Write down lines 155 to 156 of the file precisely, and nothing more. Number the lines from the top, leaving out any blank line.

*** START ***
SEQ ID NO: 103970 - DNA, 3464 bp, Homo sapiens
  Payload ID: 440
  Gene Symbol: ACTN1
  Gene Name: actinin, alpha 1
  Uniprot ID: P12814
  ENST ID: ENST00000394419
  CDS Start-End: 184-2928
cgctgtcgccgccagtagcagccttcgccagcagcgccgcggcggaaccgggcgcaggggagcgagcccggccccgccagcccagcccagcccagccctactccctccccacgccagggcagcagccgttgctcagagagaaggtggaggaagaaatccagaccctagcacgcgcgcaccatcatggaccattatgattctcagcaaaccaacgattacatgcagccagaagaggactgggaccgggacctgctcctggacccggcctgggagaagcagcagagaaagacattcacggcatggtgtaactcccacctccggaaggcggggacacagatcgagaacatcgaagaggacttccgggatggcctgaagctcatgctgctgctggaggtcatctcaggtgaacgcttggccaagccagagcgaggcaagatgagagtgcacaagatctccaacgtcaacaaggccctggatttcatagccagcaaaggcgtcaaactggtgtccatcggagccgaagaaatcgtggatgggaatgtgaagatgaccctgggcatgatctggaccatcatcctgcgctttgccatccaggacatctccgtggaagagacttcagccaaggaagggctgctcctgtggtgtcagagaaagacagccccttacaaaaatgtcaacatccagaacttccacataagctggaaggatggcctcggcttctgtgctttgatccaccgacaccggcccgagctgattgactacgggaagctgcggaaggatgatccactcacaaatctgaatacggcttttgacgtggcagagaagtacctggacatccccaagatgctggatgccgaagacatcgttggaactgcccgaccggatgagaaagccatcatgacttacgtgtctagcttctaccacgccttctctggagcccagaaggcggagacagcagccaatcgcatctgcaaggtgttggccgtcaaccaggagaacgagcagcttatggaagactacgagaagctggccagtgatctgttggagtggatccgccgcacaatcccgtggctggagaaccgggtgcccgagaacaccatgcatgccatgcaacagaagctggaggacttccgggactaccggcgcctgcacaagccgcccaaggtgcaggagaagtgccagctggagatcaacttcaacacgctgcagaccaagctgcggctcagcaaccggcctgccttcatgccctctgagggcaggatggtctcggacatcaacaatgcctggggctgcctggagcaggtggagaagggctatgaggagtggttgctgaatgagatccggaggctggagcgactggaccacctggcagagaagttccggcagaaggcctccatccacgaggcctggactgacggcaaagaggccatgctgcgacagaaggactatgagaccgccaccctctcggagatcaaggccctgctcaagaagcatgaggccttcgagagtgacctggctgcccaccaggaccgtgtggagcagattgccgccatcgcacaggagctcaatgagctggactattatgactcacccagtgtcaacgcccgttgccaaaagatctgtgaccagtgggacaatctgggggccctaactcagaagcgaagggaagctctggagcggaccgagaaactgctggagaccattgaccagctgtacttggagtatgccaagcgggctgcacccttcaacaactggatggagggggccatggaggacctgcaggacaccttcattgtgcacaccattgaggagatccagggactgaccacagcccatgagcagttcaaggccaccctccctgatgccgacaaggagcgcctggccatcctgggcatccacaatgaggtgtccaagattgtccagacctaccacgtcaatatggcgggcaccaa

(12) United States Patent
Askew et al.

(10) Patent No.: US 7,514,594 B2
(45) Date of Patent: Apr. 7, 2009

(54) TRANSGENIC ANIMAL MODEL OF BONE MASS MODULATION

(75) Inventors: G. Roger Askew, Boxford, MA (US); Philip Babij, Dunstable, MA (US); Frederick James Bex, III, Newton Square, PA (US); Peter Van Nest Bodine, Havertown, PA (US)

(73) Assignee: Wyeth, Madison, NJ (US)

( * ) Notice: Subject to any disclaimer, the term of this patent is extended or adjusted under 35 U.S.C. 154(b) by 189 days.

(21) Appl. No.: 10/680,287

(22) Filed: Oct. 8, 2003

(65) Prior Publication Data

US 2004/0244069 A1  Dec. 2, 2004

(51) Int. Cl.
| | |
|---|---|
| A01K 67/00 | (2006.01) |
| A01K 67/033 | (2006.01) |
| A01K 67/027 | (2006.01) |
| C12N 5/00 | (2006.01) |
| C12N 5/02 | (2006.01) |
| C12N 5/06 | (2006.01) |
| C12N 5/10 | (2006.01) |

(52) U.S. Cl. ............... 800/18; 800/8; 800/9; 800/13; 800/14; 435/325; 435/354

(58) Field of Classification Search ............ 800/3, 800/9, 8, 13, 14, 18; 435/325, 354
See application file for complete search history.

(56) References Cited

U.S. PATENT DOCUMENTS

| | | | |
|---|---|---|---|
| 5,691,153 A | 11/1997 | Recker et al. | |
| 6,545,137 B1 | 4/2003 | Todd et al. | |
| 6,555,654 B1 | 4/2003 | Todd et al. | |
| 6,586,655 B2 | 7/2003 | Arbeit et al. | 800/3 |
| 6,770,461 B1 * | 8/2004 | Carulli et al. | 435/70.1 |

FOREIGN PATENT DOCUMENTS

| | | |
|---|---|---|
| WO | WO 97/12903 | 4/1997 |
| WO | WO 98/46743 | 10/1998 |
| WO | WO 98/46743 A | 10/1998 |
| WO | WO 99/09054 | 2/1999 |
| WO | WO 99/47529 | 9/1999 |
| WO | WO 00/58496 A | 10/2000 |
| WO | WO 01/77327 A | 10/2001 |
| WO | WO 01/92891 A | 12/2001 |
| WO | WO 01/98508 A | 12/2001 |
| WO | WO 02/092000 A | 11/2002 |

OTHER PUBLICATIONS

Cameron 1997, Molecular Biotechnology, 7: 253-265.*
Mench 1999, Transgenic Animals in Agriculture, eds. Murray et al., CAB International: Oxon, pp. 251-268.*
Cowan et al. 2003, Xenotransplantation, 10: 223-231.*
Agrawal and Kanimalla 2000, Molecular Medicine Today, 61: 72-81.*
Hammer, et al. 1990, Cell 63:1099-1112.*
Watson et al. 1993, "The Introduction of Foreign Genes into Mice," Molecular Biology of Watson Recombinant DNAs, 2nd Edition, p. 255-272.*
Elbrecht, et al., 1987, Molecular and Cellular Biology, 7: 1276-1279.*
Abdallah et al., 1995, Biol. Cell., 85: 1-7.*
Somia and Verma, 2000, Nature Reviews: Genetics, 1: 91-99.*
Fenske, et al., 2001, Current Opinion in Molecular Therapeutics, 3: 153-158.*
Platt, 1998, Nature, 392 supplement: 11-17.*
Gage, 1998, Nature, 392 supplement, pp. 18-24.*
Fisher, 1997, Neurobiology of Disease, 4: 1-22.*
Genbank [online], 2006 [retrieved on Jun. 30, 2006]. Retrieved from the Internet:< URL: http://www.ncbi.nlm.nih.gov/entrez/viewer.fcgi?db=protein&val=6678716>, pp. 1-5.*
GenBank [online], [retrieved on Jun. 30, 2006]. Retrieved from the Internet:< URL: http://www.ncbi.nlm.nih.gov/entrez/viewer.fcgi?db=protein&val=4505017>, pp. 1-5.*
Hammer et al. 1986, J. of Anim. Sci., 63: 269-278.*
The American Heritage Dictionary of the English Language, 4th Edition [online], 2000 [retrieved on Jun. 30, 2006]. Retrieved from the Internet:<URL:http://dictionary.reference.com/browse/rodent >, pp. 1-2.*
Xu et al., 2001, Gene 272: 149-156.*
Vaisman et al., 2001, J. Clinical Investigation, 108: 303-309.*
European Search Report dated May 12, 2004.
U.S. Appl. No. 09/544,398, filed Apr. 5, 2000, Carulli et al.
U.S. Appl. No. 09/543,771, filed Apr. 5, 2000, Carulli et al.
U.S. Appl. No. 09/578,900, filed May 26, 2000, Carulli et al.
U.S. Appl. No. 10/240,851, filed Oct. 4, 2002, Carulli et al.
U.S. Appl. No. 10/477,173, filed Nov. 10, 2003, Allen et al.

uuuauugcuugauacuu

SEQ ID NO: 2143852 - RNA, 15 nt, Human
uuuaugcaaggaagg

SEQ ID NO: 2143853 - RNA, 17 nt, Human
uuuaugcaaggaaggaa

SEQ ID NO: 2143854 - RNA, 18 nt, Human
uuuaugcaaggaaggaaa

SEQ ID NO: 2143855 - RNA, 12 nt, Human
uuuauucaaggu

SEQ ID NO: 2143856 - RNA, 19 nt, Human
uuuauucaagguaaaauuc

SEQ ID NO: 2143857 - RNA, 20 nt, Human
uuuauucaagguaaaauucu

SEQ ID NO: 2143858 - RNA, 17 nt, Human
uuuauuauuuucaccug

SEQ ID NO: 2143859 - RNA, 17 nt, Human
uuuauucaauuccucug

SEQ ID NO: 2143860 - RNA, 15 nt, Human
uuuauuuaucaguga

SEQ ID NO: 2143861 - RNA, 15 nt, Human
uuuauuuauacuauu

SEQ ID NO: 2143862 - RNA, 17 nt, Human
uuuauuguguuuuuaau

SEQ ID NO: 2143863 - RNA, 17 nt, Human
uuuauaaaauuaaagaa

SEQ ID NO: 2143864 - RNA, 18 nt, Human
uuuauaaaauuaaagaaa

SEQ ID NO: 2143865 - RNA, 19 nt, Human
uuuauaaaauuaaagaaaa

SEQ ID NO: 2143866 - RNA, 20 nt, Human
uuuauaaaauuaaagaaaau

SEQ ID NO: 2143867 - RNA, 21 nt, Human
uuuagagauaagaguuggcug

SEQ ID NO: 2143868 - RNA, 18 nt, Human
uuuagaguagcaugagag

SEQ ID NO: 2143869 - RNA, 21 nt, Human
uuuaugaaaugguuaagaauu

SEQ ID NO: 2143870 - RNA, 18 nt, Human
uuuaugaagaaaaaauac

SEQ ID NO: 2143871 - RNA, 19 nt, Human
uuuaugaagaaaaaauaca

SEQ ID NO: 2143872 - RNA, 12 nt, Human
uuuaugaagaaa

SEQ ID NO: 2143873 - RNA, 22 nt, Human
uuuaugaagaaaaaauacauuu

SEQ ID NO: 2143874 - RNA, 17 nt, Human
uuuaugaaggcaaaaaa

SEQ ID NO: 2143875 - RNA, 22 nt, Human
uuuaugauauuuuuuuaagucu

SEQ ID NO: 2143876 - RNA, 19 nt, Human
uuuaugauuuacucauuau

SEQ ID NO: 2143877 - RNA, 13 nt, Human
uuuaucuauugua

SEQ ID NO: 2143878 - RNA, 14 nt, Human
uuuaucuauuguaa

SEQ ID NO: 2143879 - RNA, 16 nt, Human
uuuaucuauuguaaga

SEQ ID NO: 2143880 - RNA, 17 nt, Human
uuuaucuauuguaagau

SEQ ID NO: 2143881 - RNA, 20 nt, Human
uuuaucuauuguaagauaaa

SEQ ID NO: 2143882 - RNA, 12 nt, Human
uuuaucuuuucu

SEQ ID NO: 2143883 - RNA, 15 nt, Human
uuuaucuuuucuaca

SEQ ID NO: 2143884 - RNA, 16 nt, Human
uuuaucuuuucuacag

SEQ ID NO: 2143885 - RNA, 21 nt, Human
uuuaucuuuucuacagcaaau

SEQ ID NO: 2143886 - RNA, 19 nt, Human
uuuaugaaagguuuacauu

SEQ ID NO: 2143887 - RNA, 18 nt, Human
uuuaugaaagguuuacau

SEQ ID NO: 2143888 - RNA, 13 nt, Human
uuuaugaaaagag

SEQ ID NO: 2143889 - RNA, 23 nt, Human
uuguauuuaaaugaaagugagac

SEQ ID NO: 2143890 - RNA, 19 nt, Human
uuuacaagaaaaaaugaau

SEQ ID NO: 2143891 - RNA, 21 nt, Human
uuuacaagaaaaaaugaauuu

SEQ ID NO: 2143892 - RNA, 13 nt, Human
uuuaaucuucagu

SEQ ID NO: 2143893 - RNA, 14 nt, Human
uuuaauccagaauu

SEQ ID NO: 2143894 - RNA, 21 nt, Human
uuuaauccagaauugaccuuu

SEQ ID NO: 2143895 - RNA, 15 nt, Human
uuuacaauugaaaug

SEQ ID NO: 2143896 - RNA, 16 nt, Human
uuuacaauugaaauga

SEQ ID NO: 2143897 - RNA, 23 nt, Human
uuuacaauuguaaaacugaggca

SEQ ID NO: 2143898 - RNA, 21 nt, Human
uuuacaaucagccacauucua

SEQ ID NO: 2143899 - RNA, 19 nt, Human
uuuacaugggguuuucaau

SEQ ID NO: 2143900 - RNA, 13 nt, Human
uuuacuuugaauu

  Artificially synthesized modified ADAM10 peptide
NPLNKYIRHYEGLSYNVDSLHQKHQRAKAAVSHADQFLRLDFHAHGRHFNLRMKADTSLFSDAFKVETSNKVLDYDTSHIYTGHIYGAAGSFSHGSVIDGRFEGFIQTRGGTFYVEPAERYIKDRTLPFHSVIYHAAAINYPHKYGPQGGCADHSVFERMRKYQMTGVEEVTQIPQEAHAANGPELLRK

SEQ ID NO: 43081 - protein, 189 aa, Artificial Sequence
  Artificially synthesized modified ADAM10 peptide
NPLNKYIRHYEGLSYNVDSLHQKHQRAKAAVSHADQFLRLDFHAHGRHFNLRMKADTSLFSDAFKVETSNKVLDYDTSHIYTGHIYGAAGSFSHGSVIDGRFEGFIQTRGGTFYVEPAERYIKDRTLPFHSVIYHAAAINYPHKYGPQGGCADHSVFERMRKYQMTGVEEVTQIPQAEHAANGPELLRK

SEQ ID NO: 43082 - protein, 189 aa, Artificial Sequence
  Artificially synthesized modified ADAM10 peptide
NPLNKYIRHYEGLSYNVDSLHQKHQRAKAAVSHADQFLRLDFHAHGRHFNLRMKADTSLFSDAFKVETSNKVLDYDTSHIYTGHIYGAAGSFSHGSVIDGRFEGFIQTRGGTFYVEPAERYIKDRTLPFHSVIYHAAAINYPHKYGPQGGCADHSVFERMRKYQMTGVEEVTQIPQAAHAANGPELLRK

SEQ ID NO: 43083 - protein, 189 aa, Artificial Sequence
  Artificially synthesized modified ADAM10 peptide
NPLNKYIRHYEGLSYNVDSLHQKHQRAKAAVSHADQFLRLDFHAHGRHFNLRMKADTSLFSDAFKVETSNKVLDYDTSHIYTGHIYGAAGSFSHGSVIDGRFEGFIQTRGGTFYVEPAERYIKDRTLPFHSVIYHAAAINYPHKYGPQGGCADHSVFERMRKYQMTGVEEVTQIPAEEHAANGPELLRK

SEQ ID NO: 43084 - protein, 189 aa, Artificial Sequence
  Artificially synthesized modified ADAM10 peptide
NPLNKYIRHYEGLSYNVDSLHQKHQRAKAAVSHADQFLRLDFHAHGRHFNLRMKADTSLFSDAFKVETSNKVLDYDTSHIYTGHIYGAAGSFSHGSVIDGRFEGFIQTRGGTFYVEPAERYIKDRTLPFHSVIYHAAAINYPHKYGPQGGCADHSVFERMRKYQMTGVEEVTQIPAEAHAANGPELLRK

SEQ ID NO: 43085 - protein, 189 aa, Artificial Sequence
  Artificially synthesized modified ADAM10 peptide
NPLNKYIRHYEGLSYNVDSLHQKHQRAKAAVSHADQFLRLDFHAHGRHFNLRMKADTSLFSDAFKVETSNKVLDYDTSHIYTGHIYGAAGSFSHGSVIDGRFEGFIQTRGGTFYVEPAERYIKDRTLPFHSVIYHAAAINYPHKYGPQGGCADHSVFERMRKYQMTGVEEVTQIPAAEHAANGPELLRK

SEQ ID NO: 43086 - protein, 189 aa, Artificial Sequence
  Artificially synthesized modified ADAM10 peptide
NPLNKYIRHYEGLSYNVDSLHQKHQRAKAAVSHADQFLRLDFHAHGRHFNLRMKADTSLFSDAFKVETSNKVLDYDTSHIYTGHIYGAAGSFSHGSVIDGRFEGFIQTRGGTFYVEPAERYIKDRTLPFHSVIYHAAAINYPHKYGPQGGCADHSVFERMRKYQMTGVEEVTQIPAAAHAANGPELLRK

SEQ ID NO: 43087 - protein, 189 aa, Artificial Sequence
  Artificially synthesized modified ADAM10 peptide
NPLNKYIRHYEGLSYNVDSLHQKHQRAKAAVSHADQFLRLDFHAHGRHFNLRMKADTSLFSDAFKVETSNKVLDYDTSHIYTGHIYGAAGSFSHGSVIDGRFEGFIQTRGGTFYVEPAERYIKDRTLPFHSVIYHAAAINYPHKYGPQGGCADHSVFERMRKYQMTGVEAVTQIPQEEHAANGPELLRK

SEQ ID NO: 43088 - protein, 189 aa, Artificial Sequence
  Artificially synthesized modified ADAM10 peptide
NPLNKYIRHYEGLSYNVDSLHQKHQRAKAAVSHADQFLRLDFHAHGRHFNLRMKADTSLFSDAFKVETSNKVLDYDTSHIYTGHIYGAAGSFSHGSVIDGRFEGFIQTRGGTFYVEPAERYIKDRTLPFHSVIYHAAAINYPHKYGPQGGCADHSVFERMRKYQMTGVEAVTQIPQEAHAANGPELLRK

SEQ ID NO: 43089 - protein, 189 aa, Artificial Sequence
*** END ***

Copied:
SEQ ID NO: 2143888 - RNA, 13 nt, Human
uuuaugaaaagag